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The almanac

By United Press International   |   Feb. 10, 2008 at 3:30 AM   |   Comments

Today is Sunday, Feb. 10, the 41st day of 2008 with 325 to follow.

The moon is waxing. The morning stars are Venus, Mercury, Jupiter and Saturn. The evening stars are Mars, Uranus and Neptune.

Those born on this date are under the sign of Aquarius. They include journalist William Allen White in 1868; Russian author Boris Pasternak in 1890; entertainer Jimmy Durante in 1893; German dramatist Bertolt Brecht in 1898; actress Judith Anderson in 1897; actor Lon Chaney Jr. in 1906; operatic soprano Leontyne Price in 1927 (age 81); actor Robert Wagner in 1930 (age 78); singer Roberta Flack in 1937 (age 71); Olympic gold medal swimmer Mark Spitz in 1950 (age 58); and actress Laura Dern in 1967 (age 41).


On this date in history:

In 1763, the Treaty of Paris ended the Seven Years' War between Britain and Spain.

In 1897, the slogan "All The News That's Fit To Print" first appeared on page one of The New York Times.

In 1962, captured U-2 spy plane pilot Francis Gary Powers was returned to the United States by Russia in exchange for Soviet spy Rudolf Abel.

In 1964, 82 Australian sailors died when an aircraft carrier and a destroyer collided off New South Wales, Australia.

In 1984, Americans and other foreigners were evacuated from Beirut following the withdrawal of U.S. Marines from Lebanon.

In 1987, U.S. Surgeon General C. Everett Koop endorsed television advertising for condoms to help curb the spread of AIDS.

In 1991, ANC gunmen ambushed an Inkatha Freedom Party motorcade outside Pietermaritzburg, South Africa, killing 17 and wounding 29.

In 1992, an Indianapolis jury convicted former heavyweight boxing champion Mike Tyson in the rape of a beauty pageant contestant.

In 1993, U.S. President Bill Clinton moved to make good on a campaign pledge to cut the government. He announced a 100,000-person reduction in the federal work force over three years.

Also in 1993, a gang of more than 40 people ambushed two trucks in a mountainous region of Mexico, shooting to death at least 24 men in a drug-related family feud.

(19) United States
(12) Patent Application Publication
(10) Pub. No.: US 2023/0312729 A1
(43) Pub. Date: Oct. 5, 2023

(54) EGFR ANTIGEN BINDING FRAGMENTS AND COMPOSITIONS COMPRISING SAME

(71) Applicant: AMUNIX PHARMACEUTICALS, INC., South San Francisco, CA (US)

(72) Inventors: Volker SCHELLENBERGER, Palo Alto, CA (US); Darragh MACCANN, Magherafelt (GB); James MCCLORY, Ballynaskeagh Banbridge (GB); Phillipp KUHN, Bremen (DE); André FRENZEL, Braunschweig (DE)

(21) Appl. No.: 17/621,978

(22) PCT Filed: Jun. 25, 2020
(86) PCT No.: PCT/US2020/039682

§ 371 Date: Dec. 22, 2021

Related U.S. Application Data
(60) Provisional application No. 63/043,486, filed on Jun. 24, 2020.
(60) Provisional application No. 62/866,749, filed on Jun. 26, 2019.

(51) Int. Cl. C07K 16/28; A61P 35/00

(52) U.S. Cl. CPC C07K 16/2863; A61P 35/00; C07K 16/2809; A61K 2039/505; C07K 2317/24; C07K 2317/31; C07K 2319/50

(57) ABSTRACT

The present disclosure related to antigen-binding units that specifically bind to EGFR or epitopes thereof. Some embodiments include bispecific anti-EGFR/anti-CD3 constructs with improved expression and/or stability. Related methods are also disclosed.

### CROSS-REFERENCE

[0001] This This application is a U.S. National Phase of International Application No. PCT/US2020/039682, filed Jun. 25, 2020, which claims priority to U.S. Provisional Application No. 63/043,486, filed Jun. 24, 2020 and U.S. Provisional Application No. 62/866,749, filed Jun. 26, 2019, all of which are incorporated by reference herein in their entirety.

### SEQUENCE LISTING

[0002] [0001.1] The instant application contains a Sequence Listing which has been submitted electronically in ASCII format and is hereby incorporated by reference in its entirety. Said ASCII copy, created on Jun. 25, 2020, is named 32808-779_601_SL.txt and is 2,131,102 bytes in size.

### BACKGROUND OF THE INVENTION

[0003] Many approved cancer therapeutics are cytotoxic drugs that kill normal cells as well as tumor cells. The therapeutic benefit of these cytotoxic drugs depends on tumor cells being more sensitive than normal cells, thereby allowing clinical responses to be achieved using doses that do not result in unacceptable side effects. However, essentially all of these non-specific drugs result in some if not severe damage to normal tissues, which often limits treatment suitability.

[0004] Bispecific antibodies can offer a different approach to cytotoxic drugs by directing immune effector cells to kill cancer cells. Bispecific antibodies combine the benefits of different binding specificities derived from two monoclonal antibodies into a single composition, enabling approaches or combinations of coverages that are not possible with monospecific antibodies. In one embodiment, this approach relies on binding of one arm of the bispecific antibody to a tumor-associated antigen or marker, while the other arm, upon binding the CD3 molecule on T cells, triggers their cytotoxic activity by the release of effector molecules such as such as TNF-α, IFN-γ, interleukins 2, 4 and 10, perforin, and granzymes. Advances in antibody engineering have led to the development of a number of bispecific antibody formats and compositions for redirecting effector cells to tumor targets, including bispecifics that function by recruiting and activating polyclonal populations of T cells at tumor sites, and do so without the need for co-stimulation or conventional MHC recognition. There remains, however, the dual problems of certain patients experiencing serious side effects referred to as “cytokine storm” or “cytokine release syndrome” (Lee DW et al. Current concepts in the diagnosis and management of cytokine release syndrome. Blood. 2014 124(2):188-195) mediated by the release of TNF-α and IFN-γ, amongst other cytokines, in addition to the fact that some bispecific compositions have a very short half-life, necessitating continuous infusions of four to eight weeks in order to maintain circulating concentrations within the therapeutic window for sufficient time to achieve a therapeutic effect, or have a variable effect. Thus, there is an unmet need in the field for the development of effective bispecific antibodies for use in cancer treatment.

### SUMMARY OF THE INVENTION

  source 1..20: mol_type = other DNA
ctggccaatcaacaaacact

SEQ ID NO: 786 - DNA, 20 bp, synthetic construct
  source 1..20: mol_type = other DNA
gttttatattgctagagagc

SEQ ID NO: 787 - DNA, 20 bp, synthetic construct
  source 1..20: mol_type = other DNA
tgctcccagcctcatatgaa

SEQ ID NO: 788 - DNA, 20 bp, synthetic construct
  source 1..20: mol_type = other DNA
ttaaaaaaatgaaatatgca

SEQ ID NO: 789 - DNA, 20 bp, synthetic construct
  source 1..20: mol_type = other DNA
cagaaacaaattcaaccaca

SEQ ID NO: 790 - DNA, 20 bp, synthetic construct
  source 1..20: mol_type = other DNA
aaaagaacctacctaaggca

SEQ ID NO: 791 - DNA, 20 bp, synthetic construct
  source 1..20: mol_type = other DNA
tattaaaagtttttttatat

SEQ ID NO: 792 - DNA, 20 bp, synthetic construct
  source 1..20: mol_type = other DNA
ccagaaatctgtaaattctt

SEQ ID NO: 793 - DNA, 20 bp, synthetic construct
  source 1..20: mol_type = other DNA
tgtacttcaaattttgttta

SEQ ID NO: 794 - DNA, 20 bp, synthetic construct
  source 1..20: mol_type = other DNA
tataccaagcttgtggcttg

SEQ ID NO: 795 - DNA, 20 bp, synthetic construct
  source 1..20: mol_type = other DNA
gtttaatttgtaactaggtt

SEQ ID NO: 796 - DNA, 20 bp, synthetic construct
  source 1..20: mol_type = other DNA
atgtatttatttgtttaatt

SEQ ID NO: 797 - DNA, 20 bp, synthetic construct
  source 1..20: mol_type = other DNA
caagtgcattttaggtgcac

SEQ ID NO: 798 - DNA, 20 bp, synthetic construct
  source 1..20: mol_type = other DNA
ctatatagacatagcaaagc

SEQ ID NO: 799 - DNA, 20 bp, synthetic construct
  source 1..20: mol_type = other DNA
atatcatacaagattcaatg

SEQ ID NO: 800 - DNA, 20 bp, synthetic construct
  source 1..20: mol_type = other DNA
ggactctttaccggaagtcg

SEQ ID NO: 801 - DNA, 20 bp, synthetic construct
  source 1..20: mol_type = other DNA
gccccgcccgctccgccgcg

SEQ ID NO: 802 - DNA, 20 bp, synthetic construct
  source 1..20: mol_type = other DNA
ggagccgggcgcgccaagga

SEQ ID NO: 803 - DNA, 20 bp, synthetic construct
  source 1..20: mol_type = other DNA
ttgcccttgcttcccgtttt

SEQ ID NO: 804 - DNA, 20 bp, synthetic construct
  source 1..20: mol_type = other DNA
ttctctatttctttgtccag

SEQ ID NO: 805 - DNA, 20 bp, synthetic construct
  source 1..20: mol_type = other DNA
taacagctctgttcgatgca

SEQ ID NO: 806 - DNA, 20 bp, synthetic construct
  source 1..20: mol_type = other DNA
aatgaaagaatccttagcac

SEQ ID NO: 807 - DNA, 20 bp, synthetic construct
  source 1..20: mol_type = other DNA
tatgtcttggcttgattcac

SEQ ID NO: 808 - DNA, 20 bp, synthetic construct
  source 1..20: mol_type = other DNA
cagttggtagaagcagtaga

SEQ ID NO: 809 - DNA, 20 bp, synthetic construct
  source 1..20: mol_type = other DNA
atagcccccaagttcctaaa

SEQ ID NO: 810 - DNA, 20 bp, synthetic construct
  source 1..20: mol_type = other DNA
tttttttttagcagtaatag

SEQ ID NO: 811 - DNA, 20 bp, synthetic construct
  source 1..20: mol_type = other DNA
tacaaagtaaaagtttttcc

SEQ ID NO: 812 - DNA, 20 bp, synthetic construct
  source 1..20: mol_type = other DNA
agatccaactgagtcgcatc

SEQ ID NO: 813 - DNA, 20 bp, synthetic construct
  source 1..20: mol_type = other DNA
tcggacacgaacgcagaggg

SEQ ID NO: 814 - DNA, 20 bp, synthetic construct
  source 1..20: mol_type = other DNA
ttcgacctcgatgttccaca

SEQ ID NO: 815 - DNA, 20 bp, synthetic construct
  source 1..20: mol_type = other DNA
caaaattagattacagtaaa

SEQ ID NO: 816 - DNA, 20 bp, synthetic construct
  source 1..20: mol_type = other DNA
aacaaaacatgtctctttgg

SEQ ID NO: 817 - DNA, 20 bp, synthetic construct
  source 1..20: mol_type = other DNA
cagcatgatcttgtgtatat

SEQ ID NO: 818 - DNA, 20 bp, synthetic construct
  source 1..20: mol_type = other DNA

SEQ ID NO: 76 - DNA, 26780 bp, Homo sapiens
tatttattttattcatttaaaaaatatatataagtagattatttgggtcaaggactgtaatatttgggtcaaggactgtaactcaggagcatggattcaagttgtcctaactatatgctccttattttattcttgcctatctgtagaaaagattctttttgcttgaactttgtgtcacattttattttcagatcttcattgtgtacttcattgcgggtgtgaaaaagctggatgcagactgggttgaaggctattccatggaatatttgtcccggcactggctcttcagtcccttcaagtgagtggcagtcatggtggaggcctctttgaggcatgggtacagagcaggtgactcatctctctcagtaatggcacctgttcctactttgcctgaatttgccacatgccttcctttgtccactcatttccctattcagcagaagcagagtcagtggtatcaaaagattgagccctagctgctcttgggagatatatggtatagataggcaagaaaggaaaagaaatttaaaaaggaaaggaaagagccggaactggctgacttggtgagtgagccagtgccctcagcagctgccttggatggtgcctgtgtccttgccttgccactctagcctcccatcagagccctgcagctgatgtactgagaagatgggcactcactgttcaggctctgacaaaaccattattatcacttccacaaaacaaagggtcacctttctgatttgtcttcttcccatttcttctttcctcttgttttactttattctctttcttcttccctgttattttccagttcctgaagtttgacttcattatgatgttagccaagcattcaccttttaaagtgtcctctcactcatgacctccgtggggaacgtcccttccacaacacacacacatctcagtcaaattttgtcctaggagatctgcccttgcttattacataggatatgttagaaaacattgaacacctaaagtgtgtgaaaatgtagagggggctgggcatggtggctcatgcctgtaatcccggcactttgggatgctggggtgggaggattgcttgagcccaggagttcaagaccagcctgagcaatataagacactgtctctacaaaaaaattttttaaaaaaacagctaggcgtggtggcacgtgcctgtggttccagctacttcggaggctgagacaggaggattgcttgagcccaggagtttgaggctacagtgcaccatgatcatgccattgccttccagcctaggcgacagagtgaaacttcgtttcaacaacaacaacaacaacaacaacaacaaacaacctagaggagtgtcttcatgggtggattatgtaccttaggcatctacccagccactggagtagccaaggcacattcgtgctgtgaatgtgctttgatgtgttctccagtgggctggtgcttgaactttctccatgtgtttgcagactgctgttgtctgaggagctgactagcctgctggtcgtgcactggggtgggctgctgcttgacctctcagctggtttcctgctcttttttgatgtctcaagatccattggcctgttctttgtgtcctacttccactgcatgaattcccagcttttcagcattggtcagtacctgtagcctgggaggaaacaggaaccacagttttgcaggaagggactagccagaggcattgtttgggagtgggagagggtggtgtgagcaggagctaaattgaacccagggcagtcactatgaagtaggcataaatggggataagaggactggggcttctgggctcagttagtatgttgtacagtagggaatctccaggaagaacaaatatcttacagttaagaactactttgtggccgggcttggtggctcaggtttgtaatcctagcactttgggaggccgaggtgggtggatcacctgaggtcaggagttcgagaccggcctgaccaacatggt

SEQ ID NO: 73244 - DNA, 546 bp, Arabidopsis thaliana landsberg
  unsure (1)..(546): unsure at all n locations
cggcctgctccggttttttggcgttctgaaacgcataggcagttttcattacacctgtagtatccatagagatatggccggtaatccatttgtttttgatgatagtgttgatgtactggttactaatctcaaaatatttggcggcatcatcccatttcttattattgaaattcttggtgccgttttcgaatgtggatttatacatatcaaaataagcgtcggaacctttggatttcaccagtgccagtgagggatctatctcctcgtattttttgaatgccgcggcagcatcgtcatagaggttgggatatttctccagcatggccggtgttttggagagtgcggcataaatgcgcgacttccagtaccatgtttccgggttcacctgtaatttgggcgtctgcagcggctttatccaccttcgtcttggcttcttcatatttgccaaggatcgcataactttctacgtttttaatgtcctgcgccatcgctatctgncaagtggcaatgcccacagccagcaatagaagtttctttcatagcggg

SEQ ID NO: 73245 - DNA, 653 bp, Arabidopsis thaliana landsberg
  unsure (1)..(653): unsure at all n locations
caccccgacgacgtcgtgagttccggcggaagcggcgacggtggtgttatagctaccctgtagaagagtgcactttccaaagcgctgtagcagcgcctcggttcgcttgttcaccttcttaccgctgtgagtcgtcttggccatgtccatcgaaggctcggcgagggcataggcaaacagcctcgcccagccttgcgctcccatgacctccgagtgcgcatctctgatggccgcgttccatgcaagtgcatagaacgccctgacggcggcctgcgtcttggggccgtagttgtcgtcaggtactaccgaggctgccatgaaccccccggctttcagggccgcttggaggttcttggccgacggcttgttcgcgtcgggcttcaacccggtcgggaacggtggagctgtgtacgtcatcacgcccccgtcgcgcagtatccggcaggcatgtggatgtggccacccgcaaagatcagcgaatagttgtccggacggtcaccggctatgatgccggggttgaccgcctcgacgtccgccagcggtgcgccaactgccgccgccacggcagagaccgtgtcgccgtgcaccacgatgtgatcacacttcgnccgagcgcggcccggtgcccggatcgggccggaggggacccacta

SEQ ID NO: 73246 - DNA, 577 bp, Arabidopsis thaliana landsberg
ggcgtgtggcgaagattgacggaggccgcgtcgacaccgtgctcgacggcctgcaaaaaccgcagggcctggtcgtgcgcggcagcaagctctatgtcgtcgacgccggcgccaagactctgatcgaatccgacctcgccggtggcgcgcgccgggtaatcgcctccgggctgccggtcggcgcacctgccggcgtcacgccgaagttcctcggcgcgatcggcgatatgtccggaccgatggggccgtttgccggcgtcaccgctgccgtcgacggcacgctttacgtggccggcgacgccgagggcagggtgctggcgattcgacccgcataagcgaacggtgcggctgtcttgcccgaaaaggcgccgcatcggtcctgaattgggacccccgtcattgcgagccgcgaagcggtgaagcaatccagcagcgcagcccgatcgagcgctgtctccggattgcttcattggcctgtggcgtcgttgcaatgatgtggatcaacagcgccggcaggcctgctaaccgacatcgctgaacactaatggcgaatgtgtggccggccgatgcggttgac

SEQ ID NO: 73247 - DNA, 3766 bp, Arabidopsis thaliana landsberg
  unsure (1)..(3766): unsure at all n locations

In 2003, the U.S. Department of Homeland Security issued national guidelines on preparing for an attack involving chemical, biological or radiological weapons.

In 2004, at least 43 people died in the crash of an Iranian civilian airplane near Sharjah airport the United Arab Emirates. There were three survivors.

In 2005, as North Korea boasted publicly for the first time that it had nuclear weapons, U.S. Secretary of State Condoleezza Rice urged the nation to return to disarmament talks.

Also in 2005, a previously undisclosed report from the U.S. Sept. 11 commission showed the risk of suicide aircraft attacks was known months prior to the 2001 assault.

And, Prince Charles, Britain's heir to the throne, announced plans to marry his companion of 35 years, Camilla Parker Bowles, in April.

In 2006, the Winter Olympic Games opened in Turin, Italy.

Also in 2006, former Haitian President Rene Preval appeared headed toward a first-round victory in the troubled nation's latest presidential elections.

And, the price for fixing the Hurricane Katrina-shredded roof of the New Orleans Superdome came to $32 million, more than twice the original estimate.

In 2007, U.S. Army Lt. Gen. David Petraeus assumed control of the U.S. forces in Iraq at a ceremony in Baghdad. He described his new job as "hard but not hopeless."

Also in 2007, Russian President Vladimir Putin warned the United States was provoking a new nuclear arms race as it destabilized relations by "an almost uncontained hyper-use of military force."


A thought for the day: "To keep your marriage brimming, / With love in the loving cup, / Whenever you're wrong, admit it; Whenever you're right, shut up." Ogden Nash said that.

© 2008 United Press International, Inc. All Rights Reserved. Any reproduction, republication, redistribution and/or modification of any UPI content is expressly prohibited without UPI's prior written consent.
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